Venturing deep into the mysterious jungle of Indio Maíz was the highlight of Nicaraguan adventures. We spent a night in a traditional Rama Indian hut and indulged in their habits, hiked to the sacred stone pyramids of Canta Gallo, and fell in love with the pristine wilderness of those inhabited lands. Since we’ve got frequent inquiries on the subject, we decided to share our tips for organizing a trip to Indio Maíz and Canta Gallo.
How to Book a Boat Trip and Guide to Indio Maíz Jungle
You can either organize the Indio Maíz trip beforehand or at the spot. Either way, don’t compromise: approve only Rama Indians as your guide. That way you’ll be fully immersed in their unique Indian culture. If you are interested, they’ll show you the ropes of catching delicious river crabs and cooking them on the open stove or showcase you the healing powers of plants. You’ll be sleeping in a real Rama Indian home instead of a tent which is the deal with other guides. Also, the profits will go to the community.
Guides are obligatory since you are entering Rama territory through several military posts. The other guides can take you there, but only Rama can guide you to the Canta Gallo pyramids. All Rama speak Creole English, so you don’t need Spanish with them.
Due to the lack of online information, we didn’t have the option to book our Indio Maíz visit beforehand. But since we’ve done it, there’s that chance for you! We recommend taking the trip with Salomon, who was our loyal guide. I won’t publish his phone number here, but you can request it by commenting below or emailing us. It’s also possible to negotiate your Indio Maíz trip at the spot: ask from your hospedaje or walk to the Rama area at the outskirts of Greytown and settle a deal with one of the Rama for the next day.
How Many Days You’ll Need for Indio Maíz Jungle Trip?
In one night (two days’) Indio Maíz trip you’ll see a lot: the lifestyle of the Rama, pristine jungle and wildlife, and the sacred Rama site of Canta Gallo. The boat trip to Canta Gallo is long, so it’s not recommendable to pack everything in just one day (you can opt for paying more for a faster boat, which cuts the journey into 4 hours, but in my opinion one-day trip results too shallow experience).
If you are okay with staying several nights in a very basic Indian house, I’d recommend expanding the adventure. Then you could either reach further than Canta Gallo or do the same as we did, but at a more tranquil pace. Usually, two nights’ trip to Indio Maíz consists of one night near Canta Gallo and the other night at the edge of the Rama territory on your way back. You can adjust the deal to your likings with your guide.
If you decide to go with someone else than Salomon, insist on venturing further than the former village of Makenge, nowadays called “the Holy Land”. That’s the biggest Rama settlement in Indio Maíz, where almost all guides take the tourists, so there might be other groups at the same time. It’s a nice to explore the “Holy Land”, but personally, I wouldn’t stay there, if I had only one or two nights in the Indio Maíz. Being a village, it might be too “civilized”, if you’re looking for an adventurous night in the jungle, like us.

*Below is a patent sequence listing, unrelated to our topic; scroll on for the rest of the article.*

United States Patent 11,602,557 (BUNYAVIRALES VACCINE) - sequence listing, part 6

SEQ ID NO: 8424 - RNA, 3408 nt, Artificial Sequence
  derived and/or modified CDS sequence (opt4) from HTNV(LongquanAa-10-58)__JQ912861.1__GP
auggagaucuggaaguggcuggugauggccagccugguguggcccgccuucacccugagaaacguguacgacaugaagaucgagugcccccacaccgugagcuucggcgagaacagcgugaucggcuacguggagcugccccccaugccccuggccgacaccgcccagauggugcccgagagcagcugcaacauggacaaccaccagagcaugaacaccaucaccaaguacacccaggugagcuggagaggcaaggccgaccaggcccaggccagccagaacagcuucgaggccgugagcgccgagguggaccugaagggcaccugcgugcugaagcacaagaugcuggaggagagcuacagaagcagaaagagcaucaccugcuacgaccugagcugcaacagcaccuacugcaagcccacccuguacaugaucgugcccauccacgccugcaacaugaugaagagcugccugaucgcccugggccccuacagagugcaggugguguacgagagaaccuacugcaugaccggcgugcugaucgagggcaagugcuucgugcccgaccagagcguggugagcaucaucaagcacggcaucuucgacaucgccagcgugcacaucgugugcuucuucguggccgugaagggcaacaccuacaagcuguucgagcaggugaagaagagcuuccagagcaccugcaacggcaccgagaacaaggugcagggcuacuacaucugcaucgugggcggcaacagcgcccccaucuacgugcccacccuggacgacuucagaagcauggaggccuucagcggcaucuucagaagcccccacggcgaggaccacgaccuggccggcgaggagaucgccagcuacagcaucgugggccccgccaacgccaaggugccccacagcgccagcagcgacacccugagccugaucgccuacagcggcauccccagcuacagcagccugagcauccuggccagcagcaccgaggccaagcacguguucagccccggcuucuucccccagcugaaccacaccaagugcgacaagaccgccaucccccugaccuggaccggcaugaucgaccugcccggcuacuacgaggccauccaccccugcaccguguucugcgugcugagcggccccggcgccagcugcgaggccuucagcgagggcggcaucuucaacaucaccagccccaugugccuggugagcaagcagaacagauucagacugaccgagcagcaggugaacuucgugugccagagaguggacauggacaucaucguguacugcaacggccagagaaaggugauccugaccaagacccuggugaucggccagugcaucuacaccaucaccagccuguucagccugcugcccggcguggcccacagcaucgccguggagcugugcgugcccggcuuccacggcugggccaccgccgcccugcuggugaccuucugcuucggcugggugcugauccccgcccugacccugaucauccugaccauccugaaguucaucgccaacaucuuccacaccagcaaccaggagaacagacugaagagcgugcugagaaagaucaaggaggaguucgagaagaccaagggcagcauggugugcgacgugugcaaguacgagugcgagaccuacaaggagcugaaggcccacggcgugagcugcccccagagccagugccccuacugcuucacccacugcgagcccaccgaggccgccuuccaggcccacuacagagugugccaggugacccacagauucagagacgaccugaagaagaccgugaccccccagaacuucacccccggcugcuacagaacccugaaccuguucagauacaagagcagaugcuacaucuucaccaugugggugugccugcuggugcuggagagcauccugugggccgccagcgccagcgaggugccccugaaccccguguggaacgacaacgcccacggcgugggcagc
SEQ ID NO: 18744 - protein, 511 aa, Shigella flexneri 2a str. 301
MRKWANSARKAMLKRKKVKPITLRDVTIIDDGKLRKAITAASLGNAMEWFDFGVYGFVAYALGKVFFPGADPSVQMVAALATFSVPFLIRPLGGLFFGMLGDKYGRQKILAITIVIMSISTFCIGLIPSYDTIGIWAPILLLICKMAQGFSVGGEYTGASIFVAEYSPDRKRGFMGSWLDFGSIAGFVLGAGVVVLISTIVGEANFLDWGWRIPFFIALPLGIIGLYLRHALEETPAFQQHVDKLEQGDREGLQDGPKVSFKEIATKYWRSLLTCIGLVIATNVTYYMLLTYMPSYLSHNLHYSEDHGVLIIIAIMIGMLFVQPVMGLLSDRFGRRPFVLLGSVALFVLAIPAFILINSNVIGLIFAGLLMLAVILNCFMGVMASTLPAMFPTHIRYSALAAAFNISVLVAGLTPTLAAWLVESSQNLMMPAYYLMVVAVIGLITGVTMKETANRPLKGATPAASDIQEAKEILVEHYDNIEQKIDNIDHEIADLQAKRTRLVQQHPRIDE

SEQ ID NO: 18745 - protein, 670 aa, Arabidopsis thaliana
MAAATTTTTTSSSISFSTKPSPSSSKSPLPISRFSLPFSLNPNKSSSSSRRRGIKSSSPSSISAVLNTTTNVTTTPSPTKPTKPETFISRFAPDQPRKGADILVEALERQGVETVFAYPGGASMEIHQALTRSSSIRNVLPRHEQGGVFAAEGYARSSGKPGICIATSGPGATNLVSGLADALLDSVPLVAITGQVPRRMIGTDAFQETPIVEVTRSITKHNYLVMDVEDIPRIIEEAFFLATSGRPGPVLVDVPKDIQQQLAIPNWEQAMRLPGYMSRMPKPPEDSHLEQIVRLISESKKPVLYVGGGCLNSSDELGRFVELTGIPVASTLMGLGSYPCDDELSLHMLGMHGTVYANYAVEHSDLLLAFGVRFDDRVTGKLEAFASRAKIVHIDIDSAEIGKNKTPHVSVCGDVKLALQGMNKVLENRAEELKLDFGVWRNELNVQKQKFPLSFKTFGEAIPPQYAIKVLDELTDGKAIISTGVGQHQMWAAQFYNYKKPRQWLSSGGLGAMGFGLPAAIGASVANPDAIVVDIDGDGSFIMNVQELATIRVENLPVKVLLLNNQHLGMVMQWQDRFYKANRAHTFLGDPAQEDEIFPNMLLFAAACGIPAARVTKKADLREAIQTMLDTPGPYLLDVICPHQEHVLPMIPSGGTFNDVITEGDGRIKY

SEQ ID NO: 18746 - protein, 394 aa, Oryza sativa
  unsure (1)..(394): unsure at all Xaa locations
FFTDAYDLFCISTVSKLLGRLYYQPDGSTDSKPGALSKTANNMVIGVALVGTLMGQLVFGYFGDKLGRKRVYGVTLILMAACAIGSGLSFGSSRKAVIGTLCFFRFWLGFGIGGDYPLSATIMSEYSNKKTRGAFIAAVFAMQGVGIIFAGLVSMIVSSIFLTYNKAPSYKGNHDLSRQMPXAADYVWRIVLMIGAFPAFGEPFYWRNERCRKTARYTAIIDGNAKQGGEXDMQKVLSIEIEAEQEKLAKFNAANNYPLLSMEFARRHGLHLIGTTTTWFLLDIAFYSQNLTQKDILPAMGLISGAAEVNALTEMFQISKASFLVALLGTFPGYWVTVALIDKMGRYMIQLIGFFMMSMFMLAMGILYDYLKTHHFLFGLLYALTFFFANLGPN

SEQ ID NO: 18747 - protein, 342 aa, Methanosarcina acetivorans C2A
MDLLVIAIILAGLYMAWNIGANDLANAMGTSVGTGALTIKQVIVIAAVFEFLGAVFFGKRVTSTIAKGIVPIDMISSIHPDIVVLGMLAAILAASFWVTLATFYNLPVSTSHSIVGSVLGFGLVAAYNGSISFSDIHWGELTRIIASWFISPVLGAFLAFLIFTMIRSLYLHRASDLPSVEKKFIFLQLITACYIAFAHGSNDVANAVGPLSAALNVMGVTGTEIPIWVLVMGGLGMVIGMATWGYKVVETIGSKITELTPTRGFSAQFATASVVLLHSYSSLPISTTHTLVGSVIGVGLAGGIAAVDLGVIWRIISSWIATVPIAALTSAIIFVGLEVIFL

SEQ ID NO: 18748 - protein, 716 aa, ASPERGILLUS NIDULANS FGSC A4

The boat trip to Canta Gallo takes approximately 8 hours with a traditional motor boat. We saw the first Rama house after sailing for two hours and the second one 30 minutes later (the house of Esmeralda, which Salomon uses for the last nights’ stay in longer trips). A trip from San Juan de Nicaragua to “the Holy Land” (former Makenge) took about 6 hours. All times vary due to the weather and currents.
How Much to Pay For the Indio Maíz Trip?
Prices for Indio Maíz trips are rather steep, I agree. We paid 200$ for 2 of us (for two nights’ trip). Salomon asked 400$ if I remember right. We bargained the deal at the spot: Salomon was our “random guide” that we found through our hospedaje. He needs to rent a boat, buy gasoline (which is expensive), buy food and water for you, and pay for the Rama homes where you’re staying, etc. Salomon also seemed to support generously the Rama people we met.
After seeing several other guides in San Juan de Nicaragua, I would still go with Salomon. To my knowledge, the prices are the same. Of course, you can try to bargain. But the lower price might mean slower boat, meals consisting mostly of rice and plantains and other tweaks. Anyway, I’m sure you’ll enjoy the adventure!
Tips for Starting and Ending the Indio Maíz Trip in San Juan de Nicaragua
Either fly to San Juan de Nicaragua (Greytown) or take a river boat from San Carlos. You’ll need one night in San Juan de Nicaragua/Greytown before and after the Indio Maíz trip. Check out how the boat or flight timetable allows that. We needed to stay longer. There are enough sights to keep you entertained for one or even two days (blue lagoon, manatees, four intriguing graveyards), but accommodation options are rather basic.
There aren’t any ATMs (or banks, or posts) in Greytown. And there are just a couple modest shops selling basic snacks and drinks: if you’d fancy something special, take it with you from Managua or San Carlos. The flight is really scenic, but the airport is a boat trip away from the town, so you’d need to organize a boat transfer. We had booked a transfer through our hospedaje, but still ended up waiting there for an hour before we got a lift from the airport personnel (ours never arrived).
From San Juan de Nicaragua we took a river boat down Rio San Juan to the charming little town of El Castillo. The next day we sailed to San Carlos and took a ferry to the island of Ometepe. Check out our 4-week itinerary into the heart of Nicaragua!
Would you dare to take this kind of jungle adventure to Indio Maíz and the pyramids of Canta Gallo?